Africa has the youngest populace worldwide, with 200 million individuals in between the ages of 15 and also 24. According to the World Bank, young people represent 60 percent of all out of work individuals on the continent, with girls birthing the sting of joblessness as boys are favoured for works.
Instead of succumbing to fear of these statistics, many young people have taken the entrepreneurship route, turning problems that they encounter in their communities into solution-orientated businesses.
Here is a list of top 10 young African leaders doing great things to transform their communities and their lives:
Twenty-four year-old Nigerian medical scientist, Haneefah Adam, gave the popular Barbie doll a makeover. Adam got the idea for the makeover after coming across the Barbie style Instagram page and thought that it would be great to see a doll in a hijab – an attire that is culturally relevant to her. Adam also hopes that Hijarbie will change the negative stereotype of the hijab as oppressive clothing for Muslim women, into a positive affirmation of female Muslim identity and culture. Hijarbie has since amassed more than 58 000 followers on Instagram. The popularity of Hijarbie ties in with the JWT 2016 Trends report that forecasted that Middle Eastern and North African style will play a bigger role in the fashion and beauty spheres particularly for women.
Sitawa Wafula is a 31-year old mental health activist, philanthropist and entrepreneur from Nairobi, Kenya. As a result of a traumatic experience at the age of 18, Wafula suffered from severe depression which resulted in a dual diagnosis of epilepsy and bipolar disorder. With no support system, rising medical bills and little access to information, Wafula faced stigma due to her condition. Out of this experience, she decided to provide a forum for Africans going through the same experiences, to not only access information about mental health issues, but also to find support. She launched her self-titled blog as well as her mental health social enterprise; My Mind, My Funk which ran Kenya’s first free mental health support line and provided support to over 11,000 Kenyans struggling with mental health issues. She has been named as a Non Communicable Disease Champion by the Kenyan Ministry of Health, recognized among the top 40 under 40 women in Kenya and has had her work featured in various media publications including BBC and Al Jazeera.
KAYLI VEE LEVITAN – SOUTH AFRICA
Kayli Vee Levitan is a South African copywriter, blogger and co-founder of the successful philanthropic initiative, The Street Store. Levitan co-founded The Street Store, which is a pop-up clothing store for the homeless, with her colleague, Max Pazak in 2014. The initiative is stocked by donations, and is now an open-source initiative that allows other philanthropists from South Africa and abroad to host their own pop-up store in collaboration with a charity of their choice. Over 200 pop-up stores have been set up globally, and over 200 000 homeless people have been assisted with clothing. She has also worked on other philanthropic projects, including work with Dementia SA and the Women’s Hope.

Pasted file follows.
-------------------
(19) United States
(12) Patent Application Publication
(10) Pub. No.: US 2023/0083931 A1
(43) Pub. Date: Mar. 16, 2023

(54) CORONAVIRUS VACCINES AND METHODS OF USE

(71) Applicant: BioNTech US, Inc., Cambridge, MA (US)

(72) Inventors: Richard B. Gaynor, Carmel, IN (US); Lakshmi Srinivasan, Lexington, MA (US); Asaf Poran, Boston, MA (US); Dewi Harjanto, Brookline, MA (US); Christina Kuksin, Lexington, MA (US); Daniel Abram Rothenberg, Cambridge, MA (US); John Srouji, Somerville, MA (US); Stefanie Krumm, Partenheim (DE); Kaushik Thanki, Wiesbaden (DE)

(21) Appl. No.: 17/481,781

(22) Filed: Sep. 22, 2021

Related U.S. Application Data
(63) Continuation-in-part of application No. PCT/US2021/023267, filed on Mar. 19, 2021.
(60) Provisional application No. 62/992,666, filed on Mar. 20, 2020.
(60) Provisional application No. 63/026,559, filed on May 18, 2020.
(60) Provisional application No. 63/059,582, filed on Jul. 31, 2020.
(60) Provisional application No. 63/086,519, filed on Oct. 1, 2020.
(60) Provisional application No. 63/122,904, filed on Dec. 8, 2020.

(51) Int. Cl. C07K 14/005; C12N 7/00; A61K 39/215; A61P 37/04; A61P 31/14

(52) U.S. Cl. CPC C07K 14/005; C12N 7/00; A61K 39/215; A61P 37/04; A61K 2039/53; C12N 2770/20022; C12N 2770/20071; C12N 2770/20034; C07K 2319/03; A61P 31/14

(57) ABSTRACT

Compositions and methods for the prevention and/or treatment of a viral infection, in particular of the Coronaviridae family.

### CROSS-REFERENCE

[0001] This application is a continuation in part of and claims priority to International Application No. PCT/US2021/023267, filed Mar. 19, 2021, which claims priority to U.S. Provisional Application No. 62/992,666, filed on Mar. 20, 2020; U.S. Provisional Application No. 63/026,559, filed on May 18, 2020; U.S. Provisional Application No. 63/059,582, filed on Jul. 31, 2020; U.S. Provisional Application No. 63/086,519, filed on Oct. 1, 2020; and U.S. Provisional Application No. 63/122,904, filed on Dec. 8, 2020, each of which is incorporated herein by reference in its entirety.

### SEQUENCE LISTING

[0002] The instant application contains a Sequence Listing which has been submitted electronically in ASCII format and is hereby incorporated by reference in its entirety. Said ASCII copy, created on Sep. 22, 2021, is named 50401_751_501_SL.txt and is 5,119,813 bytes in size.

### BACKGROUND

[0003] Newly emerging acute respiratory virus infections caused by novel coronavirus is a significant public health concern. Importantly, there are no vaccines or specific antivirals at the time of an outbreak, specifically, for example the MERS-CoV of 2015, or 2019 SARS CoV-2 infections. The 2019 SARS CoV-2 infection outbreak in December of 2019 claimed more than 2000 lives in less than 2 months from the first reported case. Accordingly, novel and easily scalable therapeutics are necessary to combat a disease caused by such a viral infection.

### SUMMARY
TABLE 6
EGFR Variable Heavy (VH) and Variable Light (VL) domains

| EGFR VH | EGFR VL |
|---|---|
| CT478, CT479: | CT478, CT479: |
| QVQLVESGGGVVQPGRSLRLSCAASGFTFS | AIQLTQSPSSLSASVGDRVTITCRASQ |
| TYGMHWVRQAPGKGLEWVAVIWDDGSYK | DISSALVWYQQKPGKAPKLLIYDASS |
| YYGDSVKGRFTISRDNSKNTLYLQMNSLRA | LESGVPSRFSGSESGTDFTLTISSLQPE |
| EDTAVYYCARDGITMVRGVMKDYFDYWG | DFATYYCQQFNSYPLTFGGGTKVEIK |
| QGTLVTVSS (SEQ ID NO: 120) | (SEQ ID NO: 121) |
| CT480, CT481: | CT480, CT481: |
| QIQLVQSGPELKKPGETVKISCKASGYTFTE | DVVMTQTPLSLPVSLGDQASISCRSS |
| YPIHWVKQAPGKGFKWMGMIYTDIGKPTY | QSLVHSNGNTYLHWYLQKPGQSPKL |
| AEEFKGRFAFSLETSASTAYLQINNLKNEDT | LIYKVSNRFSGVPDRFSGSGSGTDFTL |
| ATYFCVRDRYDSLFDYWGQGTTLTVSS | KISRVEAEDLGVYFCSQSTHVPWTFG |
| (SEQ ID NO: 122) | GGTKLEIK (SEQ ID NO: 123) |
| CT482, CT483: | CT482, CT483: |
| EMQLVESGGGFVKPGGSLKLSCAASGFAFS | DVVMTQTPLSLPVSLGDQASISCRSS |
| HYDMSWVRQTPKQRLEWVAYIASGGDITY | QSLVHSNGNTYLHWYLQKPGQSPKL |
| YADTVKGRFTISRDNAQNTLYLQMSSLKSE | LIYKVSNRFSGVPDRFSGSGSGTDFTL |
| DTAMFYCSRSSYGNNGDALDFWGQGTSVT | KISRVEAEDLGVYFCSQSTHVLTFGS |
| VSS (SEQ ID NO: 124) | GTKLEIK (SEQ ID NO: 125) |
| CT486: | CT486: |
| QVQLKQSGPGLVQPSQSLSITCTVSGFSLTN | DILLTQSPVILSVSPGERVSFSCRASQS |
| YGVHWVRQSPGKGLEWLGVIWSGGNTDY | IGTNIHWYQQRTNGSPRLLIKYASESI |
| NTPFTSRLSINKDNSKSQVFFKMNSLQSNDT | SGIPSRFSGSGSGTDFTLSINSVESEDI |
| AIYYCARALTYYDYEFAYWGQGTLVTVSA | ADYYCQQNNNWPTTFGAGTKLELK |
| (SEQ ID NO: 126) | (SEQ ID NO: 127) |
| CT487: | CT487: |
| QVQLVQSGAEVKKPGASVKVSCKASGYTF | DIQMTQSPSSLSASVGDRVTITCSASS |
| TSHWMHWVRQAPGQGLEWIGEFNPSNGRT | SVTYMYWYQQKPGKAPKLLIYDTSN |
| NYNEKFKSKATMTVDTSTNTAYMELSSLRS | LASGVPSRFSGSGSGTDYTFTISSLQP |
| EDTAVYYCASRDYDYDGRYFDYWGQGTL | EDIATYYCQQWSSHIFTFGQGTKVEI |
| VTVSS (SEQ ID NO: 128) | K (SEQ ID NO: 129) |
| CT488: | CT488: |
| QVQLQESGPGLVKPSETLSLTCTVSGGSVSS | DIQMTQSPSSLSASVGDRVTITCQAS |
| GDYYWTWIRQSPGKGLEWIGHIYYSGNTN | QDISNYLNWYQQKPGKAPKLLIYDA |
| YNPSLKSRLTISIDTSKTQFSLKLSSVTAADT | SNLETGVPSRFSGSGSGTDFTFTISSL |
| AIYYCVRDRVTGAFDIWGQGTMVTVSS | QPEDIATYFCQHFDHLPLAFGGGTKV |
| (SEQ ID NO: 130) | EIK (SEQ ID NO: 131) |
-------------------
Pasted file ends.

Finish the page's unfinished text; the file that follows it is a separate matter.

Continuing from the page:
Mabel Suglo is a 23-year-old entrepreneur from Ghana who is the founder of the Eco-Shoes Project, which is an initiative and company that manufactures shoes and accessories from discarded tyres and recycled materials. Suglo employs disabled people who are often marginalized from society due to discrimination. In an interview, Suglo says that the initiative was inspired by her late grandmother, who suffered discrimination due to her leprosy condition, and various other people in her community who had physical disabilities. She wanted to create employment opportunities for them, as well as create comfortable shoes for her grandmother from durable materials. She then created her first pairs of shoes made from discarded tyres for her grandmother, then partnered with a local school for disabled children and two business partners to get her idea off the ground. The business now employs five artisans, and manufactured over 1000 pairs of shoes in 2014. She was the second runner up of the 2015 Anzisha Prize by the African Leadership Academy in South Africa and the MasterCard Foundation.
CHRISTOPHER ATEGEKA – UGANDA
Ugandan born Christopher Ategeka is the founder and CEO of Rides For Lives, which is a company that provides mobile healthcare to rural communities in Kampala. The mobile health units are fitted with a pharmacy, a general practitioner and a lab for conducting tests for diseases such as malaria and HIV. The idea for the company came as after Ategeka’s brother passed away due to lack of access to adequate healthcare after he fell ill. He has a Master’s degree in Mechanical Engineering from UC Berkeley, and has several awards under his belt for his work on Rides For Lives including the U.S. President’s Emergency Plan for AIDS Relief (PEPFAR) award and the Judith Lee Stronach award. He also made it on the Forbes 30 under 30 list for his work with the company in 2014.